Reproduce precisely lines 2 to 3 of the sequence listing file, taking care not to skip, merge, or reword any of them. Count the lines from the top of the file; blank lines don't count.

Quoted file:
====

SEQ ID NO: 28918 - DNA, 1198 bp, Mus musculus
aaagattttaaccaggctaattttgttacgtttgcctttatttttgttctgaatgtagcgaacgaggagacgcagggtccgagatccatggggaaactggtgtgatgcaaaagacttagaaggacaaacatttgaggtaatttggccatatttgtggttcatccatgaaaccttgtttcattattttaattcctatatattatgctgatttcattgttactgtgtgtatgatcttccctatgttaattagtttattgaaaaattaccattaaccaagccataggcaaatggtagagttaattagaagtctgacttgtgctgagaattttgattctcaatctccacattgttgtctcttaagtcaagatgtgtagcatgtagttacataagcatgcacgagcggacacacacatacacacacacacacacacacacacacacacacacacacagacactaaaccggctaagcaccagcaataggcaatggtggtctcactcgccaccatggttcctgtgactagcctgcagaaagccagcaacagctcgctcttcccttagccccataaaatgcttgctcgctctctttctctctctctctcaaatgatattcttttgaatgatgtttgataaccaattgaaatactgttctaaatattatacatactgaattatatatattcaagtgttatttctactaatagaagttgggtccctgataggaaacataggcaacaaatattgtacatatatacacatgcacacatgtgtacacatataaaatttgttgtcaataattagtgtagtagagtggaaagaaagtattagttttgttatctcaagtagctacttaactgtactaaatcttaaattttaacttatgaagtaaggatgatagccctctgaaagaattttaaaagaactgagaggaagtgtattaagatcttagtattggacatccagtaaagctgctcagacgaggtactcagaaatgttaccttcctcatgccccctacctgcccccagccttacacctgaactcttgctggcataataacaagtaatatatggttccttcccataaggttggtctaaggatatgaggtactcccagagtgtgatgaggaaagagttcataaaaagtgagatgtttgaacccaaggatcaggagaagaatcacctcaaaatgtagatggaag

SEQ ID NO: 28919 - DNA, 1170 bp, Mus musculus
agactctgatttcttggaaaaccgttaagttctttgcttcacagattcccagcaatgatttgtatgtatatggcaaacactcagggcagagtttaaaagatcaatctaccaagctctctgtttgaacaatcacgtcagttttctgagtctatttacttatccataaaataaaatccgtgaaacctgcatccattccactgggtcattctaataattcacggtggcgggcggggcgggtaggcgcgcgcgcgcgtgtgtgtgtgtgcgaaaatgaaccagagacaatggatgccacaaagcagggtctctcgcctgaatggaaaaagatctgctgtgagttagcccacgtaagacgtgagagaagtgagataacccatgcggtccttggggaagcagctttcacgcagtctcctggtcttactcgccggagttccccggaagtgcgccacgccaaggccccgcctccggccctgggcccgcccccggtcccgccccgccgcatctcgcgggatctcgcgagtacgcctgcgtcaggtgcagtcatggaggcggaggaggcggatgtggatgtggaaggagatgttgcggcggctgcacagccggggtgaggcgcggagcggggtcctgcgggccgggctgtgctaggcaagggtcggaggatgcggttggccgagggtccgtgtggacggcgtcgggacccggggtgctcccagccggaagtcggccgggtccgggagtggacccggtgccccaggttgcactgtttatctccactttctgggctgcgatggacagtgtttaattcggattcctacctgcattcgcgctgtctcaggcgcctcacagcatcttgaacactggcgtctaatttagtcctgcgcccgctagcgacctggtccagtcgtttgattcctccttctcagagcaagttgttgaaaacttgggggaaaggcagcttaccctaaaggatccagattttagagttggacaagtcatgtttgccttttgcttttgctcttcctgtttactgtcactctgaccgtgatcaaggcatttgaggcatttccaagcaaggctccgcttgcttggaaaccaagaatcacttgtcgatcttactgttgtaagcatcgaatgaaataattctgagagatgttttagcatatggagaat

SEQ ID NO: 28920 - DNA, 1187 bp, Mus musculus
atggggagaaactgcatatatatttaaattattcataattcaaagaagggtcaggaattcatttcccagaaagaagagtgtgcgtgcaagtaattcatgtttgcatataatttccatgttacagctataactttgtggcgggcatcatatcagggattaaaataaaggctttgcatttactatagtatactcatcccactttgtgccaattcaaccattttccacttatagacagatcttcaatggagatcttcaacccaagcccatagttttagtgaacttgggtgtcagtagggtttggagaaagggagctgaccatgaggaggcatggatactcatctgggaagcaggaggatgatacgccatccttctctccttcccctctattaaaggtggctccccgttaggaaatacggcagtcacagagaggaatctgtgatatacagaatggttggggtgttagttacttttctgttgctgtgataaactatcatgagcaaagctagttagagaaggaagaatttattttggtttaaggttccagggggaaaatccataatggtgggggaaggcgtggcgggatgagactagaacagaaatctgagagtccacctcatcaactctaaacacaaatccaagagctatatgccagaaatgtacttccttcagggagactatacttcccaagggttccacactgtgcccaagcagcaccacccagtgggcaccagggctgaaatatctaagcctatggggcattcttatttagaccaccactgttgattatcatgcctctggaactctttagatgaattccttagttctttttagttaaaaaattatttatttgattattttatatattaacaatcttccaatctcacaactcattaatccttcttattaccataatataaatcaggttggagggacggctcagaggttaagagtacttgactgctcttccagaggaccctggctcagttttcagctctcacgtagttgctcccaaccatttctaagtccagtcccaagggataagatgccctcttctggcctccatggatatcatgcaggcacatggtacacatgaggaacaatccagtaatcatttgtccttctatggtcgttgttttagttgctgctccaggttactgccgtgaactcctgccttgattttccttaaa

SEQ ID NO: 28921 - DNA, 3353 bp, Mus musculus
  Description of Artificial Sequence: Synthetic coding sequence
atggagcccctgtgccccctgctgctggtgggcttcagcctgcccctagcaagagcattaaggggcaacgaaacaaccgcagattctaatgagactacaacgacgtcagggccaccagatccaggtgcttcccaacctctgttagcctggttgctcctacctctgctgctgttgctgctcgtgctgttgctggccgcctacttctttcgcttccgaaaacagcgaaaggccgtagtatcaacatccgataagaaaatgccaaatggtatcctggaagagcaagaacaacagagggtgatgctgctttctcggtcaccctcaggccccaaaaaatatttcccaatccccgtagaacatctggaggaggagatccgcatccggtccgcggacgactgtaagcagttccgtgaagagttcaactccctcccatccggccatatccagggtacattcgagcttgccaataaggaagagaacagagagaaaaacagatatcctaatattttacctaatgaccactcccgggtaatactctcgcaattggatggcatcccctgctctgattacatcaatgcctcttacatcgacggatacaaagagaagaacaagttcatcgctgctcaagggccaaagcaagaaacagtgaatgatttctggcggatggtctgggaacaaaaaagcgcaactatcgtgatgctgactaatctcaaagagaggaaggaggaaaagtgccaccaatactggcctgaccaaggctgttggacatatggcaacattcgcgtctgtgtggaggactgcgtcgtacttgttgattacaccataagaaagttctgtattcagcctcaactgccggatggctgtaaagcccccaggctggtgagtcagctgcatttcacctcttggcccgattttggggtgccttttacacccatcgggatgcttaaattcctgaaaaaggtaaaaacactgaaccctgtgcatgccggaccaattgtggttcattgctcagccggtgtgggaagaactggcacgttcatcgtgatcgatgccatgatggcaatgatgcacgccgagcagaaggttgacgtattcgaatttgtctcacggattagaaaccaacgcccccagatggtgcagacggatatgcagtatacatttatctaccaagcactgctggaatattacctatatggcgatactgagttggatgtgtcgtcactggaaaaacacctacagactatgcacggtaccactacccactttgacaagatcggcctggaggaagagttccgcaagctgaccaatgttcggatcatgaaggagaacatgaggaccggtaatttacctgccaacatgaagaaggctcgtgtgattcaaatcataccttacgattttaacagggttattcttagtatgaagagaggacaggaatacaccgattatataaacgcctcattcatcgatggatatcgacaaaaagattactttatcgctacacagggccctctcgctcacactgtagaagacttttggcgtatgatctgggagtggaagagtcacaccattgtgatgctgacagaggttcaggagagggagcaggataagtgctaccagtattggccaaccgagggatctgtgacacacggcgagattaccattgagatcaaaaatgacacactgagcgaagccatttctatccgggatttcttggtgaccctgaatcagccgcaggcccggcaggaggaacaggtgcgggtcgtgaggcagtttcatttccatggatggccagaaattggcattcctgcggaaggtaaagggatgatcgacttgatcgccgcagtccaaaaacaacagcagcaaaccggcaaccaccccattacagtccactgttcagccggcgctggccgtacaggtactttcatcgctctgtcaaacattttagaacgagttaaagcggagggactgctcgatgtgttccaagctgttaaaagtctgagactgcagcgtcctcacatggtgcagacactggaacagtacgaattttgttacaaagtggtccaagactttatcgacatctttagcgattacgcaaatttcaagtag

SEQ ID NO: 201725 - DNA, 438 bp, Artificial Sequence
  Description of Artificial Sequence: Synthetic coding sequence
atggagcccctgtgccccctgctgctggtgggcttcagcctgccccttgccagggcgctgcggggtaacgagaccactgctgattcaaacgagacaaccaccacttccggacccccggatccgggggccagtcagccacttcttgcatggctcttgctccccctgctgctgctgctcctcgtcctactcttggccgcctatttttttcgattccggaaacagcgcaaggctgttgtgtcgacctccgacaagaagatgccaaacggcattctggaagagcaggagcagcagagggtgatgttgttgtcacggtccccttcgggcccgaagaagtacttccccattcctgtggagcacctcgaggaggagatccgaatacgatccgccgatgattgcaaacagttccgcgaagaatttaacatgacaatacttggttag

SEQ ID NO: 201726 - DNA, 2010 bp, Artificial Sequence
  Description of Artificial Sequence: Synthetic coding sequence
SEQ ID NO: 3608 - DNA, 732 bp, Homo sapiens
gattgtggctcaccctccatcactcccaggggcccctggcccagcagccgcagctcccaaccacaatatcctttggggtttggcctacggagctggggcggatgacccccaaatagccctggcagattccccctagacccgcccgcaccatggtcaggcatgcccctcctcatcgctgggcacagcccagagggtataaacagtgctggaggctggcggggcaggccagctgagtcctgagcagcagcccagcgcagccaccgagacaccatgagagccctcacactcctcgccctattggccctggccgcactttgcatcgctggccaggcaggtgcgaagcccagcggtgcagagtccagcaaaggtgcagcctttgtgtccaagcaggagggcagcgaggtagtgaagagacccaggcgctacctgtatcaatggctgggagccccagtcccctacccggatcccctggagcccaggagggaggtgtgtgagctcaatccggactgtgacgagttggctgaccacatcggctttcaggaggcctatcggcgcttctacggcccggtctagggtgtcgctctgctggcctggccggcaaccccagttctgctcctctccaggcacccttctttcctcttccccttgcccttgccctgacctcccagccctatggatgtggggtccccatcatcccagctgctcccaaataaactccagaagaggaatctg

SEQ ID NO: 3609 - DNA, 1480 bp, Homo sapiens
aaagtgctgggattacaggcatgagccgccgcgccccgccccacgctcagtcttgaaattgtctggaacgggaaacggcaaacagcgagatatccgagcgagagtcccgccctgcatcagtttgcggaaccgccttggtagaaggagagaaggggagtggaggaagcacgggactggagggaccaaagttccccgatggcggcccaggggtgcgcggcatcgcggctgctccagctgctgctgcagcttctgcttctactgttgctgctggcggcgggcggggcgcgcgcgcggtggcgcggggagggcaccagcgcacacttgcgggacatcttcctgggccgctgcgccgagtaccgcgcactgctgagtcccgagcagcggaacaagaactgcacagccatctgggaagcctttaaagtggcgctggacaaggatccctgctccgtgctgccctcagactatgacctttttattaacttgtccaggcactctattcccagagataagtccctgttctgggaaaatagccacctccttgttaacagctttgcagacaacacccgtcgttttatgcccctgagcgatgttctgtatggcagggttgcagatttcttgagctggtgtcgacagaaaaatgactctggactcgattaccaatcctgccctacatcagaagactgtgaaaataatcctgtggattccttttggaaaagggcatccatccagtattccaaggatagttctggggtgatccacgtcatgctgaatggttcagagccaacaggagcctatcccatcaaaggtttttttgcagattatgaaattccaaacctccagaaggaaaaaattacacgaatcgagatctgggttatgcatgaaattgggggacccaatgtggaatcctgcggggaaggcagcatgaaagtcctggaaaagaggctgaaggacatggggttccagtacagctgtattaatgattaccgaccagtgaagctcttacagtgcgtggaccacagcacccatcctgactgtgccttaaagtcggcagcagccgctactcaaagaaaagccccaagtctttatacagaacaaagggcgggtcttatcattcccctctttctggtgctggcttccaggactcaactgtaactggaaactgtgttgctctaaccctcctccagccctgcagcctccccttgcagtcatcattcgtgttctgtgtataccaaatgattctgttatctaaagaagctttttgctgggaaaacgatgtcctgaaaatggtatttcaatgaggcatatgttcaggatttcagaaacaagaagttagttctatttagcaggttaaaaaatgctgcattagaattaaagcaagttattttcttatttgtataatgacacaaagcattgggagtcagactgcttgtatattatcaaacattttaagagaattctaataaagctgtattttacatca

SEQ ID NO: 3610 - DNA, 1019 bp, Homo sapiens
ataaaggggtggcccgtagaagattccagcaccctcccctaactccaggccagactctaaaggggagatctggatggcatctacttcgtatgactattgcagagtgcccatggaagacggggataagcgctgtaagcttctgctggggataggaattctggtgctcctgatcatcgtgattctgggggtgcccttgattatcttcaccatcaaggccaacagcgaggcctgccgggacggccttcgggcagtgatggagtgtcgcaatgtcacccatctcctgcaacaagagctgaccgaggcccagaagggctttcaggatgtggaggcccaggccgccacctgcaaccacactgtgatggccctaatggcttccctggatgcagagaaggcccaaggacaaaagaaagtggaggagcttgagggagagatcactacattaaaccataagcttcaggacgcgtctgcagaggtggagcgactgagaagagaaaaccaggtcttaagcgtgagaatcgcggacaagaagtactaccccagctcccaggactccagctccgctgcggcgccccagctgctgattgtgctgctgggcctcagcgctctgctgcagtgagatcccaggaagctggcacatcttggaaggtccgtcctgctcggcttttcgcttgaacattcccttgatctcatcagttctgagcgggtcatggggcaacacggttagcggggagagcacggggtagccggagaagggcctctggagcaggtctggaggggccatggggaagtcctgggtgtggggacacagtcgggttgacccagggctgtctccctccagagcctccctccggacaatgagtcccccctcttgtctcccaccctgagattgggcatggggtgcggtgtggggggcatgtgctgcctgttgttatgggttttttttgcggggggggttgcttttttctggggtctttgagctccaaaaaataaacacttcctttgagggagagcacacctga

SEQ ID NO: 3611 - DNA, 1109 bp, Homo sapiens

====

aaagattttaaccaggctaattttgttacgtttgcctttatttttgttctgaatgtagcgaacgaggagacgcagggtccgagatccatggggaaactggtgtgatgcaaaagacttagaaggacaaacatttgaggtaatttggccatatttgtggttcatccatgaaaccttgtttcattattttaattcctatatattatgctgatttcattgttactgtgtgtatgatcttccctatgttaattagtttattgaaaaattaccattaaccaagccataggcaaatggtagagttaattagaagtctgacttgtgctgagaattttgattctcaatctccacattgttgtctcttaagtcaagatgtgtagcatgtagttacataagcatgcacgagcggacacacacatacacacacacacacacacacacacacacacacacacacagacactaaaccggctaagcaccagcaataggcaatggtggtctcactcgccaccatggttcctgtgactagcctgcagaaagccagcaacagctcgctcttcccttagccccataaaatgcttgctcgctctctttctctctctctctcaaatgatattcttttgaatgatgtttgataaccaattgaaatactgttctaaatattatacatactgaattatatatattcaagtgttatttctactaatagaagttgggtccctgataggaaacataggcaacaaatattgtacatatatacacatgcacacatgtgtacacatataaaatttgttgtcaataattagtgtagtagagtggaaagaaagtattagttttgttatctcaagtagctacttaactgtactaaatcttaaattttaacttatgaagtaaggatgatagccctctgaaagaattttaaaagaactgagaggaagtgtattaagatcttagtattggacatccagtaaagctgctcagacgaggtactcagaaatgttaccttcctcatgccccctacctgcccccagccttacacctgaactcttgctggcataataacaagtaatatatggttccttcccataaggttggtctaaggatatgaggtactcccagagtgtgatgaggaaagagttcataaaaagtgagatgtttgaacccaaggatcaggagaagaatcacctcaaaatgtagatggaag

SEQ ID NO: 28919 - DNA, 1170 bp, Mus musculus